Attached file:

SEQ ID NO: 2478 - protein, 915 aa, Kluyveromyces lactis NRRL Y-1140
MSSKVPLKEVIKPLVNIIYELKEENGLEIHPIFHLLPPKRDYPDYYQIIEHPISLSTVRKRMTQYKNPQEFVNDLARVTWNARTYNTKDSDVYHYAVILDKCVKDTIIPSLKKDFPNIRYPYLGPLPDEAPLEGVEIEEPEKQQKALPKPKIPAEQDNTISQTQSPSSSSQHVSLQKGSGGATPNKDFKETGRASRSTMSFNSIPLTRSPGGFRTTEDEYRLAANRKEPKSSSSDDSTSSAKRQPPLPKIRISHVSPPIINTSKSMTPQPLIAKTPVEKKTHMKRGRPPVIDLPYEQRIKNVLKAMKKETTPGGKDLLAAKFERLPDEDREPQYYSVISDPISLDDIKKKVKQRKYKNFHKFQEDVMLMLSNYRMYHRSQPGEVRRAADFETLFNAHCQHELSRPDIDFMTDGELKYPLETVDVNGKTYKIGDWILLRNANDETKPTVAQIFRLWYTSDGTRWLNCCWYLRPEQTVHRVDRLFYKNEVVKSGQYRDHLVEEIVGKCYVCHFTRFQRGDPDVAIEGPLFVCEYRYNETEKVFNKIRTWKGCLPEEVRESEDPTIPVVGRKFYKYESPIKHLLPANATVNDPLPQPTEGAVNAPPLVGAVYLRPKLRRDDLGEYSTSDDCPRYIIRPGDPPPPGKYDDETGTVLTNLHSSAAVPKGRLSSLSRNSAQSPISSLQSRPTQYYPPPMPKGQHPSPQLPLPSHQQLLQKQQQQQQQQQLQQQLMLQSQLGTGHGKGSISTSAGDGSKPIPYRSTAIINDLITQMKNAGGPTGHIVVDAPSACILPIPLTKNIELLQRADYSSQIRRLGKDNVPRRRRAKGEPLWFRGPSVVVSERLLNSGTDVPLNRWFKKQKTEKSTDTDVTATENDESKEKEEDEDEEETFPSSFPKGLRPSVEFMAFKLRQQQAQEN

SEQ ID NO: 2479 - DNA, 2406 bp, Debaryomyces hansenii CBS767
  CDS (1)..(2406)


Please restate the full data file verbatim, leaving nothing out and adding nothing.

SEQ ID NO: 2478 - protein, 915 aa, Kluyveromyces lactis NRRL Y-1140
MSSKVPLKEVIKPLVNIIYELKEENGLEIHPIFHLLPPKRDYPDYYQIIEHPISLSTVRKRMTQYKNPQEFVNDLARVTWNARTYNTKDSDVYHYAVILDKCVKDTIIPSLKKDFPNIRYPYLGPLPDEAPLEGVEIEEPEKQQKALPKPKIPAEQDNTISQTQSPSSSSQHVSLQKGSGGATPNKDFKETGRASRSTMSFNSIPLTRSPGGFRTTEDEYRLAANRKEPKSSSSDDSTSSAKRQPPLPKIRISHVSPPIINTSKSMTPQPLIAKTPVEKKTHMKRGRPPVIDLPYEQRIKNVLKAMKKETTPGGKDLLAAKFERLPDEDREPQYYSVISDPISLDDIKKKVKQRKYKNFHKFQEDVMLMLSNYRMYHRSQPGEVRRAADFETLFNAHCQHELSRPDIDFMTDGELKYPLETVDVNGKTYKIGDWILLRNANDETKPTVAQIFRLWYTSDGTRWLNCCWYLRPEQTVHRVDRLFYKNEVVKSGQYRDHLVEEIVGKCYVCHFTRFQRGDPDVAIEGPLFVCEYRYNETEKVFNKIRTWKGCLPEEVRESEDPTIPVVGRKFYKYESPIKHLLPANATVNDPLPQPTEGAVNAPPLVGAVYLRPKLRRDDLGEYSTSDDCPRYIIRPGDPPPPGKYDDETGTVLTNLHSSAAVPKGRLSSLSRNSAQSPISSLQSRPTQYYPPPMPKGQHPSPQLPLPSHQQLLQKQQQQQQQQQLQQQLMLQSQLGTGHGKGSISTSAGDGSKPIPYRSTAIINDLITQMKNAGGPTGHIVVDAPSACILPIPLTKNIELLQRADYSSQIRRLGKDNVPRRRRAKGEPLWFRGPSVVVSERLLNSGTDVPLNRWFKKQKTEKSTDTDVTATENDESKEKEEDEDEEETFPSSFPKGLRPSVEFMAFKLRQQQAQEN

SEQ ID NO: 2479 - DNA, 2406 bp, Debaryomyces hansenii CBS767
  CDS (1)..(2406)